This piece was written during an experimental Free-Writing Rotation inspired by the Gaian Tarot image above; first section Tabitha Silver, second Gina Russom, third Hannah Custis.
Birds aren’t always soothing. Sometimes they squawk. The birds that have nested on the roof garden of my building are very protective with their noise. They think – well maybe they don’t think – but they act and chirp, squawk, yell and surround us with their protective noise. “Go away,” they say. “This is mine – here is mine,” they say. We laugh – I’m not going to stop going up to the roof.
Last year it was the ducks – duckling babies and their mother – hoping – maybe she didn’t hope – that they would fly and be fine – real free birds. We watched her; some of us intervened when we felt it was right. We believed that we knew best. We couldn’t understand her mama-duck-noise. We did what we thought was best.
I’ve been called a good listener and in my work I listen with open ear to my patients. I ask questions and hope for answers that are organized and coherent, but sometimes listening is all that matters.
You are a good listener. As a patient I feel like we’re just making our own noise and hoping you understand what we mean under it. English is deficient (all languages really) when it comes to describing things accurately. Why is that? How do I know that you really understand the thing I’m describing in the way I mean? How do I know that your subjective experience of this or that sensation is analogous to mine? Truth be told, we know that individual experience is not directly relatable. I’m only guessing that you’ve felt something similar. It can never be exact.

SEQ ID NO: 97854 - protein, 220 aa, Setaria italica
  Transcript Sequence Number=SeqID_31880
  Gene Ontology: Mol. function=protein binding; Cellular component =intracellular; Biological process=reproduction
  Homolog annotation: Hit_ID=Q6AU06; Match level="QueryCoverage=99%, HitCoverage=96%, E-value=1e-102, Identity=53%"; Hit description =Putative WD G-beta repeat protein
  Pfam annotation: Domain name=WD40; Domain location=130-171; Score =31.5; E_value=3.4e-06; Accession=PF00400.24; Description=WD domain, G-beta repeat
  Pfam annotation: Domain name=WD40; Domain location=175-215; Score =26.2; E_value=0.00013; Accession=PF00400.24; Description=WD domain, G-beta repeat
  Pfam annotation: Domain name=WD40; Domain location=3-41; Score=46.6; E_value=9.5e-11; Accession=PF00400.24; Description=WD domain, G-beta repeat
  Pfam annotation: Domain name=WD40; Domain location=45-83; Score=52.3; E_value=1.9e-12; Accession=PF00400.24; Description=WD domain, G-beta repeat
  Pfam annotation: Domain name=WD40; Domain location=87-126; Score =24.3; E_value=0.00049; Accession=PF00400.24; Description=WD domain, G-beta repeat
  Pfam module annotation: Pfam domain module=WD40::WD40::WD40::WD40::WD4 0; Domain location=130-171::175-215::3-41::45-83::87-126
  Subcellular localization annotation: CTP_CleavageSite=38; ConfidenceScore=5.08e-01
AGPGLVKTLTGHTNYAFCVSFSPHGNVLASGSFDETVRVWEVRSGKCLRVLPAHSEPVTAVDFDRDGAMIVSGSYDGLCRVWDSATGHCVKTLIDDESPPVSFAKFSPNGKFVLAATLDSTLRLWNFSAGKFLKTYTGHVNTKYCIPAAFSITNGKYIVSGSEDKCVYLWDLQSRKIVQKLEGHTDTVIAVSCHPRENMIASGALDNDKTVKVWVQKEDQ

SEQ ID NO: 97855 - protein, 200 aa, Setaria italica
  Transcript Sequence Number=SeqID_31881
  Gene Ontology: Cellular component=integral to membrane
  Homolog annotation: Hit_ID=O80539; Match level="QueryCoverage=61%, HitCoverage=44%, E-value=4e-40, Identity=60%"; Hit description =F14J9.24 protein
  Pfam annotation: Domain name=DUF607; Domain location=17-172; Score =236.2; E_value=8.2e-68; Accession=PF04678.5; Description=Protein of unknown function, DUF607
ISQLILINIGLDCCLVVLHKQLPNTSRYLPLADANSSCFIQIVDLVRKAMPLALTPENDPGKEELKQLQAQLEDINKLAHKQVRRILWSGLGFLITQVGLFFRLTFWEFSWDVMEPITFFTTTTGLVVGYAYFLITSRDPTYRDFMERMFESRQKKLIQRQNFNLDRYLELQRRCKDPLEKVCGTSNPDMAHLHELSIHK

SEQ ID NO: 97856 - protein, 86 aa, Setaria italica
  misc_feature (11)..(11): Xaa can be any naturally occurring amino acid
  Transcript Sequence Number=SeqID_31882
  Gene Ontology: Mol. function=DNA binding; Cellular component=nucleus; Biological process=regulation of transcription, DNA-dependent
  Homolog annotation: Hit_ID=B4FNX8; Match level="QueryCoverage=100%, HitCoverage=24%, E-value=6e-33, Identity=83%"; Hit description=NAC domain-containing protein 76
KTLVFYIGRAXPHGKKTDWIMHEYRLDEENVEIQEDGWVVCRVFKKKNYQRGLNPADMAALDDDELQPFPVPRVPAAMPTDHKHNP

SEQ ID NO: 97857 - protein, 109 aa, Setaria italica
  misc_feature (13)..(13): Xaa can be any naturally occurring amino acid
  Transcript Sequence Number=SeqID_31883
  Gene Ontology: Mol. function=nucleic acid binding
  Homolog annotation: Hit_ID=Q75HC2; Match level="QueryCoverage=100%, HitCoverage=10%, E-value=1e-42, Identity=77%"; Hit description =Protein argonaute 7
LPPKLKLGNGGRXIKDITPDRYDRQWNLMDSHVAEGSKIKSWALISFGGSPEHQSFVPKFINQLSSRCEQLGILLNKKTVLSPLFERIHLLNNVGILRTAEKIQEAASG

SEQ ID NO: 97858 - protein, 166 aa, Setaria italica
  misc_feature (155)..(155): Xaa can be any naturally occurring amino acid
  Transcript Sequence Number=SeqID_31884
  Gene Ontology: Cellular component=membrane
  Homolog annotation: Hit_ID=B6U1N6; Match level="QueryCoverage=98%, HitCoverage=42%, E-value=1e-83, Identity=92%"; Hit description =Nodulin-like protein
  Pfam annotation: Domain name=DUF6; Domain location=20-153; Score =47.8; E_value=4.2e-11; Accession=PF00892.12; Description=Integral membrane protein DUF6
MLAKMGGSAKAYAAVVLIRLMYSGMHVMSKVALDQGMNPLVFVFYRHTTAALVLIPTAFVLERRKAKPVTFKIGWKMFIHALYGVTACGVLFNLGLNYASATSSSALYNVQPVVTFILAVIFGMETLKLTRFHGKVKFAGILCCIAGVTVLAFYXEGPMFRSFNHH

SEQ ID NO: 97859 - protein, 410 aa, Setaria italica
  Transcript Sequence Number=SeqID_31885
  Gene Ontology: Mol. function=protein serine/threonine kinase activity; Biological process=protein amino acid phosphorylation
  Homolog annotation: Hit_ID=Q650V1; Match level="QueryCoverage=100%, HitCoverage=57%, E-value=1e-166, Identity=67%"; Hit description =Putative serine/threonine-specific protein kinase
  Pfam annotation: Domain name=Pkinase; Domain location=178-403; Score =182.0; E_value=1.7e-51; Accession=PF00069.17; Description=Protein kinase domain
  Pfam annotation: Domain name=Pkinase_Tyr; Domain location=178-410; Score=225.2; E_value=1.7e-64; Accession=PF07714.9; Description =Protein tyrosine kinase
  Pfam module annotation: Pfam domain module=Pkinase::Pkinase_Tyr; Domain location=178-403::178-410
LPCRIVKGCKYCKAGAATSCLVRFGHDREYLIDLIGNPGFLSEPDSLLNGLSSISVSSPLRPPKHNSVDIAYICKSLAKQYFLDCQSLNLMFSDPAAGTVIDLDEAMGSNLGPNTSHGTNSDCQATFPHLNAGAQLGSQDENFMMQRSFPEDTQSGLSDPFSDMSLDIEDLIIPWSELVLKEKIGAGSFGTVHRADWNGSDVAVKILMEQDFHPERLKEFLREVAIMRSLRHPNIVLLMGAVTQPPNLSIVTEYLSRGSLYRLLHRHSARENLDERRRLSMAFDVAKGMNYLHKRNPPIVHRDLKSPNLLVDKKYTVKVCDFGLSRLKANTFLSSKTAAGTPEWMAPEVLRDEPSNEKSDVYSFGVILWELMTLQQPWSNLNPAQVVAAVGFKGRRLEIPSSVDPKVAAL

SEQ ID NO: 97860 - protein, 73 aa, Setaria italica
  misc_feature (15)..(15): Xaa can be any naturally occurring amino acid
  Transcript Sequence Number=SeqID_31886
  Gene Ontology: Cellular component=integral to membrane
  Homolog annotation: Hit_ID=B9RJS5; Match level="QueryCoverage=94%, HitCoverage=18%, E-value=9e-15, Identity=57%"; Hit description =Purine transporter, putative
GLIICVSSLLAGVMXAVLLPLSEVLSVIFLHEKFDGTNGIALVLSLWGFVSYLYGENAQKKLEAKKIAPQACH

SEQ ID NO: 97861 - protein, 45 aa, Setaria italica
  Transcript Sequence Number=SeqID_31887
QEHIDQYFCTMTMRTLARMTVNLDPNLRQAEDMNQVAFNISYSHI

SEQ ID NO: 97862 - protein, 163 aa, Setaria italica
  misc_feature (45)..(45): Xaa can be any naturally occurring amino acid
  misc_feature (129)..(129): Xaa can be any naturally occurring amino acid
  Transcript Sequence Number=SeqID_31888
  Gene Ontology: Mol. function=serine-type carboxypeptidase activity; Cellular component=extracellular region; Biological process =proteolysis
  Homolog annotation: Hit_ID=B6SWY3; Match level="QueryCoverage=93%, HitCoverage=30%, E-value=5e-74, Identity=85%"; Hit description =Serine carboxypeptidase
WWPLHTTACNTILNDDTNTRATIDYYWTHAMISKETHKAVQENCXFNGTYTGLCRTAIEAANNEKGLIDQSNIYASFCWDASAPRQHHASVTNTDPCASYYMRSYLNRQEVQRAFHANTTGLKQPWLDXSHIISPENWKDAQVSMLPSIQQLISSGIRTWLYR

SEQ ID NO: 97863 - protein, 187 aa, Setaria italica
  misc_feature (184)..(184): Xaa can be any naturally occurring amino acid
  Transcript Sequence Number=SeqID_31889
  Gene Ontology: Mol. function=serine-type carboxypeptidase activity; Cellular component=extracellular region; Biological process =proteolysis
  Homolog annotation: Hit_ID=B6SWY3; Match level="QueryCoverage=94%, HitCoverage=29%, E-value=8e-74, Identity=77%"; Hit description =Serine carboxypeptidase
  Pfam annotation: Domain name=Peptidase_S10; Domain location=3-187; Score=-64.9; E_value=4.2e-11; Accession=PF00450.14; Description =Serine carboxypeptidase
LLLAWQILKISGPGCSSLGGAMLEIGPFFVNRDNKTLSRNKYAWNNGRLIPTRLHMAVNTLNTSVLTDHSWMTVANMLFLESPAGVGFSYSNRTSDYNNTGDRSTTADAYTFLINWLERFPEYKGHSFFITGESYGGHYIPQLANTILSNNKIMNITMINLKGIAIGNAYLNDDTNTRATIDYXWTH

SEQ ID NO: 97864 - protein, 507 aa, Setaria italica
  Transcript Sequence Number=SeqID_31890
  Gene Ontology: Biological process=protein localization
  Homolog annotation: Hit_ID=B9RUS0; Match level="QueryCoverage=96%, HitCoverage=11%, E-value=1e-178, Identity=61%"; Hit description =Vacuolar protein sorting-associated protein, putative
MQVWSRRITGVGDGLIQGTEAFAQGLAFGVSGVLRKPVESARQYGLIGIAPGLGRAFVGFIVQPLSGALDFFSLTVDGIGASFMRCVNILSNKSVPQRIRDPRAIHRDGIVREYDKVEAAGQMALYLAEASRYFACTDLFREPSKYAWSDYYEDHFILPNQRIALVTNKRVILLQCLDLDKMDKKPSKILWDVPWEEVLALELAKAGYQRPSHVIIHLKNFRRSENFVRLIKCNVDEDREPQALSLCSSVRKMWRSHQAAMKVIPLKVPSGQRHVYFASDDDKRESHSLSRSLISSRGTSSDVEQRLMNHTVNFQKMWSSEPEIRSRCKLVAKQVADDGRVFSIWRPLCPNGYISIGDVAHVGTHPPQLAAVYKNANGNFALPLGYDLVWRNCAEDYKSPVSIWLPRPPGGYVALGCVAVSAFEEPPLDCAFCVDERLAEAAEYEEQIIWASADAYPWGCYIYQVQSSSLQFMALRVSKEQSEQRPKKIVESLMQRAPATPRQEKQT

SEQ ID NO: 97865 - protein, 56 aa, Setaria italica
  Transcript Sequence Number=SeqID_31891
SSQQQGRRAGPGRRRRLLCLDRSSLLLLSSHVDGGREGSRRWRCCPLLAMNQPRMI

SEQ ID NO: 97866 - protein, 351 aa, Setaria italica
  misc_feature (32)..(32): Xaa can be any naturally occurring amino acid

Individuality comes at the price of … what? Shared experience? Hive mind? The best we can do is to make noise like the birds.
I speak – you listen. In our words and the spaces between our words we make a bridge. At times it is sturdy, at times it is shaky – a rope of vines and boards dangling over a yawning precipice. When we listen with intent we make our agreement – I look into your eyes and say yes, you matter to me. Here in this moment I try to understand – the best I can – what’s communicated in our words and the silences between, the song sung in our bodies and the melody underneath it all.
To trust another’s intentions, to trust them with your sacred words, is a risky enterprise. In an age where it is more valuable to talk than to listen, I find that listening becomes a rare gift. When I am being listened to – truly listened to – I worry less about the gaps between my words, for the feelings that language can’t express, and I only need to look into the eyes of the listener to see that it is all being absorbed.
Words can be a shield – just ask the writer, the politician, the overly effusive – words can be a shield we throw up to mask our vulnerability. I am lucky – I count myself extremely fortunate – to be blessed with friends who listen to what is beneath my words.